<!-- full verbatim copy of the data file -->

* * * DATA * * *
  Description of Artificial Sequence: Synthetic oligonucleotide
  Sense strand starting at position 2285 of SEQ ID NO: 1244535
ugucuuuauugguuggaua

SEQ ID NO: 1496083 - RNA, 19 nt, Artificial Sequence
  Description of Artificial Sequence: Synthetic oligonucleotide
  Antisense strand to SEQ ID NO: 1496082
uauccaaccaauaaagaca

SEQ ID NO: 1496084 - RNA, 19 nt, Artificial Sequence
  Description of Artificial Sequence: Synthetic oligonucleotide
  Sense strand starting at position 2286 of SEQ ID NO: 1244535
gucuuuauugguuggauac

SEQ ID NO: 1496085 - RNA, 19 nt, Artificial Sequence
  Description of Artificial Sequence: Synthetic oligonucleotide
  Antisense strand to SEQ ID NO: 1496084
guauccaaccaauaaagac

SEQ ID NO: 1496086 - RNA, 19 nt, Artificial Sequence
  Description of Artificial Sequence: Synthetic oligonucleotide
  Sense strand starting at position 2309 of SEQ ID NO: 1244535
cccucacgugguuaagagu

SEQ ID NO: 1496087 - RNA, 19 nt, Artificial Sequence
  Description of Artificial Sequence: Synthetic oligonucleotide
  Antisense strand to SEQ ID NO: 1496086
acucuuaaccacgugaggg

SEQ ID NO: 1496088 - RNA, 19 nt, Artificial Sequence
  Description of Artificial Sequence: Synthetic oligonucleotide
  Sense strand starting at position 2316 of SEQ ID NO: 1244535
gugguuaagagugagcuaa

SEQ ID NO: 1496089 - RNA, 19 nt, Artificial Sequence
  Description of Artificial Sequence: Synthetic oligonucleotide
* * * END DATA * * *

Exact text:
  Description of Artificial Sequence: Synthetic oligonucleotide
  Sense strand starting at position 2285 of SEQ ID NO: 1244535
ugucuuuauugguuggaua

SEQ ID NO: 1496083 - RNA, 19 nt, Artificial Sequence
  Description of Artificial Sequence: Synthetic oligonucleotide
  Antisense strand to SEQ ID NO: 1496082
uauccaaccaauaaagaca

SEQ ID NO: 1496084 - RNA, 19 nt, Artificial Sequence
  Description of Artificial Sequence: Synthetic oligonucleotide
  Sense strand starting at position 2286 of SEQ ID NO: 1244535
gucuuuauugguuggauac

SEQ ID NO: 1496085 - RNA, 19 nt, Artificial Sequence
  Description of Artificial Sequence: Synthetic oligonucleotide
  Antisense strand to SEQ ID NO: 1496084
guauccaaccaauaaagac

SEQ ID NO: 1496086 - RNA, 19 nt, Artificial Sequence
  Description of Artificial Sequence: Synthetic oligonucleotide
  Sense strand starting at position 2309 of SEQ ID NO: 1244535
cccucacgugguuaagagu

SEQ ID NO: 1496087 - RNA, 19 nt, Artificial Sequence
  Description of Artificial Sequence: Synthetic oligonucleotide
  Antisense strand to SEQ ID NO: 1496086
acucuuaaccacgugaggg

SEQ ID NO: 1496088 - RNA, 19 nt, Artificial Sequence
  Description of Artificial Sequence: Synthetic oligonucleotide
  Sense strand starting at position 2316 of SEQ ID NO: 1244535
gugguuaagagugagcuaa

SEQ ID NO: 1496089 - RNA, 19 nt, Artificial Sequence
  Description of Artificial Sequence: Synthetic oligonucleotide